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From XCOM to X-wings: How Bit Reactor is rethinking the rules of strategy design
"We need to look at whether there are opportunities in these games to reward players that actually enhance our design choices."
July 27, 2023
6 Min Read
Bit Reactor has big ambitions. The strategy studio, established two years ago by former Firaxis art director Greg Foertsch, has been tapped to develop a new Star Wars strategy game in collaboration with Respawn.
Although Respawn will produce the unnamed title, Bit Reactor has been asked to lead development. It's some way to make your debut, and Foertsch—who, as well as co-founding Bit Reactor, is also serving as CEO and creative director—has been working hard to ensure the nascent studio is capable of rising to the challenge.
The industry veteran, who's helped ship a myriad of strategy titles including XCOM 2, Civilization IV, Railroads!, and XCOM: Enemy Unknown, has spent the past two years growing the Bit Reactor team to over 50 employees in the hopes of pushing the strategy genre forward.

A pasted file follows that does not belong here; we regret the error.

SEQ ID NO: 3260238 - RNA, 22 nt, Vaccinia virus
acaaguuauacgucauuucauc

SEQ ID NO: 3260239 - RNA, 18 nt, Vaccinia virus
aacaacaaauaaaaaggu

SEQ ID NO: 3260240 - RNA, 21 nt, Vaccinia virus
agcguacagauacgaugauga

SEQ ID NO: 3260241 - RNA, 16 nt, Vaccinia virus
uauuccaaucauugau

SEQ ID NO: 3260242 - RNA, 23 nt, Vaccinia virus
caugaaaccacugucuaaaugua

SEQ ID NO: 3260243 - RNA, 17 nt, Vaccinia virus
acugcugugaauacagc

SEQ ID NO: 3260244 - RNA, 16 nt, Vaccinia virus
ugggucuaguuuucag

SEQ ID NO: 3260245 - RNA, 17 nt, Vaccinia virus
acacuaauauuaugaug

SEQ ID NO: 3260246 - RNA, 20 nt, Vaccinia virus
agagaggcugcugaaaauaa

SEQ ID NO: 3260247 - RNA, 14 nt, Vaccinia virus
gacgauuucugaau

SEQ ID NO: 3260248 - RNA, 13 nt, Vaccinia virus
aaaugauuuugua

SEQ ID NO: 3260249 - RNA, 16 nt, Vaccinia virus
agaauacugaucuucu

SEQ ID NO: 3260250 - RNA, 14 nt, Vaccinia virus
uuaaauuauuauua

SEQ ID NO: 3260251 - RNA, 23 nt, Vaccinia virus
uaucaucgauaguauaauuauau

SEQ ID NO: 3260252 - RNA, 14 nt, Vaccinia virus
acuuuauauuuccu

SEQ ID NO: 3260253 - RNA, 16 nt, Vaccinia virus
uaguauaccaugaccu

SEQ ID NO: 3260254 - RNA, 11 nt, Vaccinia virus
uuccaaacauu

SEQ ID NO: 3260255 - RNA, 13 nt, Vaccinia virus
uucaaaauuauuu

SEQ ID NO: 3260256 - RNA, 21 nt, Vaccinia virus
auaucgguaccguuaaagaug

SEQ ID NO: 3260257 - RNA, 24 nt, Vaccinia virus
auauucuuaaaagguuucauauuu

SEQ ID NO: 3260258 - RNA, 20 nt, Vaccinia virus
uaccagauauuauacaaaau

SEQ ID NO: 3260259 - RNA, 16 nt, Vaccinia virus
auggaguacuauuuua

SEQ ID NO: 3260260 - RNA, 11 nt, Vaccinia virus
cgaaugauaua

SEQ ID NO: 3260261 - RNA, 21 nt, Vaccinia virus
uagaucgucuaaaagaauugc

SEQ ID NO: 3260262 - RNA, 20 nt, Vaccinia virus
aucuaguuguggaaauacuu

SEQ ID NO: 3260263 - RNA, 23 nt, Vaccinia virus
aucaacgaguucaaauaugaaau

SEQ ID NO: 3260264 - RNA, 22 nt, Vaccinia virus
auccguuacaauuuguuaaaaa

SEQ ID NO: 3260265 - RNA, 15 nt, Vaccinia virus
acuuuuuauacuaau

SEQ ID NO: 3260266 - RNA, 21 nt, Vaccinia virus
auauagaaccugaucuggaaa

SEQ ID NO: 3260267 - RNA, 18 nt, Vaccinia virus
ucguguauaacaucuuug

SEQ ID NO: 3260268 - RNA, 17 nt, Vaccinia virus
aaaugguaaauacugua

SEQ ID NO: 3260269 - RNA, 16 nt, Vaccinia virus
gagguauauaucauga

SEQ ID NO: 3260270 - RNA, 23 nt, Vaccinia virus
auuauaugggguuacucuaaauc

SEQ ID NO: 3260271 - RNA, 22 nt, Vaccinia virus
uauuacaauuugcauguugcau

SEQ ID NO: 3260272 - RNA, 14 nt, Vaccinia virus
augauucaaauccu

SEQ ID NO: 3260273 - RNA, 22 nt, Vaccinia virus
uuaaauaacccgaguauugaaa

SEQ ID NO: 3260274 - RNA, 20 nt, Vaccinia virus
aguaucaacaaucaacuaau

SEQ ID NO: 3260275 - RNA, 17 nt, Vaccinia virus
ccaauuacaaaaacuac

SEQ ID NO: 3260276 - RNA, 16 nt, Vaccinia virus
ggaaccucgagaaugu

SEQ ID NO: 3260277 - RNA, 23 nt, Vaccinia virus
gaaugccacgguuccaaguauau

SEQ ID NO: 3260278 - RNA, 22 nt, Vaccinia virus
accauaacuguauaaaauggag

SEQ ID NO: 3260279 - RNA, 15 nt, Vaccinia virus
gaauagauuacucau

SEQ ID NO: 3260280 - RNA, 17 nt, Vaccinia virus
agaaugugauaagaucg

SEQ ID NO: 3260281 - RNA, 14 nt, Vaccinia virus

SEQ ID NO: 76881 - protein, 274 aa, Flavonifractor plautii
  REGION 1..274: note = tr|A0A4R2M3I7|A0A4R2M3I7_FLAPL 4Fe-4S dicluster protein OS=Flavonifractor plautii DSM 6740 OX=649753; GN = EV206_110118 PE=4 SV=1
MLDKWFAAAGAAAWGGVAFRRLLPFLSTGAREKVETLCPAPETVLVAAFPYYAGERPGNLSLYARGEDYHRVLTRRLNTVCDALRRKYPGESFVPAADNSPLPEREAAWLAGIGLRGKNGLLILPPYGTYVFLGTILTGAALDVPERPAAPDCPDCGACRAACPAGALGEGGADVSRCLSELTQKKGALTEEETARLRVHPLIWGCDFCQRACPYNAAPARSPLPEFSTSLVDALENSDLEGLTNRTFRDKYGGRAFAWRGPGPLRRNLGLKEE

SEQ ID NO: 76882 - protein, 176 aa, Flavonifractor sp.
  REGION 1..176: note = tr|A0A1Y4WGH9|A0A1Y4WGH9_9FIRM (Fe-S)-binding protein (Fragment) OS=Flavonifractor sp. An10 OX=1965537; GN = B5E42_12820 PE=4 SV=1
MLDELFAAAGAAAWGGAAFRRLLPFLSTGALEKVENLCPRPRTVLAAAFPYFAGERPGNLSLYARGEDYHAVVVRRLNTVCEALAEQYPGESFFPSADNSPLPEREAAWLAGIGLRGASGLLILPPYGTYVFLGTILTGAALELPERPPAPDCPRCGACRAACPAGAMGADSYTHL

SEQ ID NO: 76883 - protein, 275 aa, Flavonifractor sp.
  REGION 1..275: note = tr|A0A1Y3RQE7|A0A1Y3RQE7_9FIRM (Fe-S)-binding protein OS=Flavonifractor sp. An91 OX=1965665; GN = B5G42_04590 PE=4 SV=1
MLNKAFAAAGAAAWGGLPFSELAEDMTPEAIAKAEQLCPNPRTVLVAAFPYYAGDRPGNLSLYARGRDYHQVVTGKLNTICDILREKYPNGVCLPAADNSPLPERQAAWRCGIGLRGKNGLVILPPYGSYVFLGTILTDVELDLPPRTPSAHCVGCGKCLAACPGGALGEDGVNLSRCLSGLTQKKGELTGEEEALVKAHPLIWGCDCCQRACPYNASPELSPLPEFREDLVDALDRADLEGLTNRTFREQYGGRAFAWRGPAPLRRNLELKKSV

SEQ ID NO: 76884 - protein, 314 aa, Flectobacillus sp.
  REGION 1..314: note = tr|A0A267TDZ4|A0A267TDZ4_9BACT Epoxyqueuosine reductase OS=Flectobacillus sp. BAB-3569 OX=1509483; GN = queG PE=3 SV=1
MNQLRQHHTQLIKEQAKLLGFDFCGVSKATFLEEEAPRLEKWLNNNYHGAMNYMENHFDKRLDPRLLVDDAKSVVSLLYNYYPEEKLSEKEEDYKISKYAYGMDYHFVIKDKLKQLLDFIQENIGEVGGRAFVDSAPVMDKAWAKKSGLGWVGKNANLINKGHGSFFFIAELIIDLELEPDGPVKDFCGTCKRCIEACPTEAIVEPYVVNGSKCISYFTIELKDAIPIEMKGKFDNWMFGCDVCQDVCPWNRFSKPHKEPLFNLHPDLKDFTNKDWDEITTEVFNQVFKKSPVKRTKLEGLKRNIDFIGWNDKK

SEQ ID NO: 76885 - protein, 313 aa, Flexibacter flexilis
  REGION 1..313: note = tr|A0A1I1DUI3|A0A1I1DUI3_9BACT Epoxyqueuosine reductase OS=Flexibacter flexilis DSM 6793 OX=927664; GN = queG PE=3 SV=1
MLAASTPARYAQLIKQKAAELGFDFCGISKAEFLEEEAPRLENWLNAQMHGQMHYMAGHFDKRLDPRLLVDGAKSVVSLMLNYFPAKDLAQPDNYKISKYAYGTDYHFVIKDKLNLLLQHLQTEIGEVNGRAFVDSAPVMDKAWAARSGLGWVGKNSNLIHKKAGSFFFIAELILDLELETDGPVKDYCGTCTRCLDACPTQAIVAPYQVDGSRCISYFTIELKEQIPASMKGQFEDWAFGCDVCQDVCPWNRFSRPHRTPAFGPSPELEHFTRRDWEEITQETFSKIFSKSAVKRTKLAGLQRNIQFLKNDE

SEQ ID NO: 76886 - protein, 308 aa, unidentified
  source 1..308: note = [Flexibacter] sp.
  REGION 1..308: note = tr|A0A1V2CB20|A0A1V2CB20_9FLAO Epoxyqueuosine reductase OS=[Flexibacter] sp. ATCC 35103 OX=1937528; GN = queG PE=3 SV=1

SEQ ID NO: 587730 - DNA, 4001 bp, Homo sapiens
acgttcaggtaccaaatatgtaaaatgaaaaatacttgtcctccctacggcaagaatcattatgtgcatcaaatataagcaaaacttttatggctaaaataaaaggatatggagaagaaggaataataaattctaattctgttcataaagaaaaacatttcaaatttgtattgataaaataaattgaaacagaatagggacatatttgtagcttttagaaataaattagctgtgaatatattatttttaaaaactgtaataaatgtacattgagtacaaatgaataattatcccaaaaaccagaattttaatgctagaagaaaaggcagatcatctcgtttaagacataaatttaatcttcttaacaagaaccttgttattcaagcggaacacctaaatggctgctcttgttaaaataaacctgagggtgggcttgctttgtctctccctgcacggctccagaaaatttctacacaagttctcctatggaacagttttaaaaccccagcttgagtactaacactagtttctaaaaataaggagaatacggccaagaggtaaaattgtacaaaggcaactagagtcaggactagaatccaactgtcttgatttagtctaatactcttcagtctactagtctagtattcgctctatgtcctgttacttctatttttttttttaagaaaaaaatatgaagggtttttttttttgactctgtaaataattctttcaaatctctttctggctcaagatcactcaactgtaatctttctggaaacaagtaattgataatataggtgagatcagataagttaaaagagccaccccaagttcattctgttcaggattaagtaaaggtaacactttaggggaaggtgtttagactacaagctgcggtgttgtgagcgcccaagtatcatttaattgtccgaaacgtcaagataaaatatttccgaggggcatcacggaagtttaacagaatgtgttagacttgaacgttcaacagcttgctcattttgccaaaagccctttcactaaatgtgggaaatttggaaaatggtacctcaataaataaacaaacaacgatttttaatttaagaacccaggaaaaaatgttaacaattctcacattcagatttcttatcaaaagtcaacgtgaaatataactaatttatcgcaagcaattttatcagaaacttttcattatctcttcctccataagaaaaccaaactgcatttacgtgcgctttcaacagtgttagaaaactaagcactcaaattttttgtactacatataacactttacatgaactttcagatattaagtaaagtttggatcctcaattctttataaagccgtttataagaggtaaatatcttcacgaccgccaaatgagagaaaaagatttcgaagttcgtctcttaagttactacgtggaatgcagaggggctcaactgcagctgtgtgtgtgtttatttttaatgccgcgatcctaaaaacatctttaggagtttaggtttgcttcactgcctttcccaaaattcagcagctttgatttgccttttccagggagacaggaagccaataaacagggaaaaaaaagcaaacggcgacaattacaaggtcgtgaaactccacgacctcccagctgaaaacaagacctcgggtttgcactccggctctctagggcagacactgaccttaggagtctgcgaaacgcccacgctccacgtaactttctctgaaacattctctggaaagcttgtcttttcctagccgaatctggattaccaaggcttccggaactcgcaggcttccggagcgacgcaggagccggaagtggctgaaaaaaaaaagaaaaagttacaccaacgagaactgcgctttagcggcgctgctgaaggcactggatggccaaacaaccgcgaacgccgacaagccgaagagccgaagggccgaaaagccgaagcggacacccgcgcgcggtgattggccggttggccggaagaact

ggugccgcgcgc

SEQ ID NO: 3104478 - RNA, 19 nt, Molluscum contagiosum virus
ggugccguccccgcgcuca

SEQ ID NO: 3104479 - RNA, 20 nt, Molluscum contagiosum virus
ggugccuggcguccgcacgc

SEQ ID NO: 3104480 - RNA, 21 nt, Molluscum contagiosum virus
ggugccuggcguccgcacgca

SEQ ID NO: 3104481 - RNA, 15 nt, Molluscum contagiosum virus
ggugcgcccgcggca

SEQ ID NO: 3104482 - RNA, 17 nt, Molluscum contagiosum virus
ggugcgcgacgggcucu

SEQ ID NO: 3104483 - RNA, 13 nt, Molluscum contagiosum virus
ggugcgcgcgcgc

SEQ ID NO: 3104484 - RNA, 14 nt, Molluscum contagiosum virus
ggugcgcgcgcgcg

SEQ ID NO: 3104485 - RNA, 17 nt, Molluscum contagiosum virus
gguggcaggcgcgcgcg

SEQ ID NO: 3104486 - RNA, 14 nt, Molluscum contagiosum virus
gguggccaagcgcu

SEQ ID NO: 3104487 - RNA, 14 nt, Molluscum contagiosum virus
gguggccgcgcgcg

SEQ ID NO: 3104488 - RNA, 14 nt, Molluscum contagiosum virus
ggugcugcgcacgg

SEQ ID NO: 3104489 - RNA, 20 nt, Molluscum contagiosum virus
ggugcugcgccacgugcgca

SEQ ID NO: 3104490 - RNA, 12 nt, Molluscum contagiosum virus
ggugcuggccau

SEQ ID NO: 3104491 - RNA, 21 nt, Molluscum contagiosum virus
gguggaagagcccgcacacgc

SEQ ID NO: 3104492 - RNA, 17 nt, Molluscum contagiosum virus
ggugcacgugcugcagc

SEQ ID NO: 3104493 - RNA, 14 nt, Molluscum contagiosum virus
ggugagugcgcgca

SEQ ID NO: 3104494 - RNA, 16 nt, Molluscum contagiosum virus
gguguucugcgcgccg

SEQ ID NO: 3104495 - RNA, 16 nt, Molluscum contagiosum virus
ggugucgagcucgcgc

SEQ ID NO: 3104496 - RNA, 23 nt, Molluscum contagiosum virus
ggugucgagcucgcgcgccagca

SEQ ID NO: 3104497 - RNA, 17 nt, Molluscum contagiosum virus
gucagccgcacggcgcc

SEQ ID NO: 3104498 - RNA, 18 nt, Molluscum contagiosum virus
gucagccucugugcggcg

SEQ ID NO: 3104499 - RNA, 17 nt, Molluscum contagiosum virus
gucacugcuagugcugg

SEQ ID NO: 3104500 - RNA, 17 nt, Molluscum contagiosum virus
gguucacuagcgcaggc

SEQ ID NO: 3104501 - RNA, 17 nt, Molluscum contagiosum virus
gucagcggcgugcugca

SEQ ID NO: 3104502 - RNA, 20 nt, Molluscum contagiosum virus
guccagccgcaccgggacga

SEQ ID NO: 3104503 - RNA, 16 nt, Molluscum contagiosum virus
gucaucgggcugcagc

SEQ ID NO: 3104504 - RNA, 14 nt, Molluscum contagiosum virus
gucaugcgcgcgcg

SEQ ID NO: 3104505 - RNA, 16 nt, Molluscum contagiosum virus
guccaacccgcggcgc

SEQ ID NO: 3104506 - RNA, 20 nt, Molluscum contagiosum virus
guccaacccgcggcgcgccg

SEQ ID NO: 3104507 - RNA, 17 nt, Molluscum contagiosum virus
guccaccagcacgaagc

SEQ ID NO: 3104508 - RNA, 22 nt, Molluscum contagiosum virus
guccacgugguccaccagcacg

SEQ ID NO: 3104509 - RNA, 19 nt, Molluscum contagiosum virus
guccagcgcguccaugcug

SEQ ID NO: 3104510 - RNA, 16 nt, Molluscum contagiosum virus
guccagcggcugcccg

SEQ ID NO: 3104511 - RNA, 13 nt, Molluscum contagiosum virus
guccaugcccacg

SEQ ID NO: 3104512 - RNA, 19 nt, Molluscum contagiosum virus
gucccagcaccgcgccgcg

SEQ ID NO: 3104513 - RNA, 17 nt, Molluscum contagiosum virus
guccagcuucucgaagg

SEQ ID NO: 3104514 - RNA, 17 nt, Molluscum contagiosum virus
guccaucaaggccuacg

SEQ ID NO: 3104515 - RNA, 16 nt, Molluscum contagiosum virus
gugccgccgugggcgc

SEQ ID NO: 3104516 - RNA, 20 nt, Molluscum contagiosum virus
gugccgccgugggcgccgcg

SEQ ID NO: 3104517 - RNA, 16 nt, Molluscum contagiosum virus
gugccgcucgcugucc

Bit Reactor wants to be "creatively driven but fiscally responsible"
Speaking to Game Developer, Foertsch explained he was inspired to found Bit Reactor after doing some consulting work on Empire of Sin for Brenda and John Romero. "Their studio culture [at Romero Games] is amazing," he explains. "Just watching two creatives run a studio made me realize you don't need to have an accountant run the company. We're creatively driven but fiscally responsible, and that's how we're going to be smart about how we handle things."
Foertsch says it's critical that Bit Reactor hires people and then actually trusts them to do their jobs, whether that's on the development or business side. "The most important tools in making a game are the people that sit in the chairs," he notes. "I think we're really developer-focused, by which I mean that whenever someone walks in the door—whether they're the creative director, associate producer, or concept artist—they're asked to contribute ideas equally. There's no class system to ideas, and we want everyone to feel comfortable bringing their idea to the table."
It's a mindset Foertsch believes will help Bit Reactor think progressively about strategy design. He says the best ideas often come from the place you least expect, so there's no point in slavishly looking inward if you want to break new ground.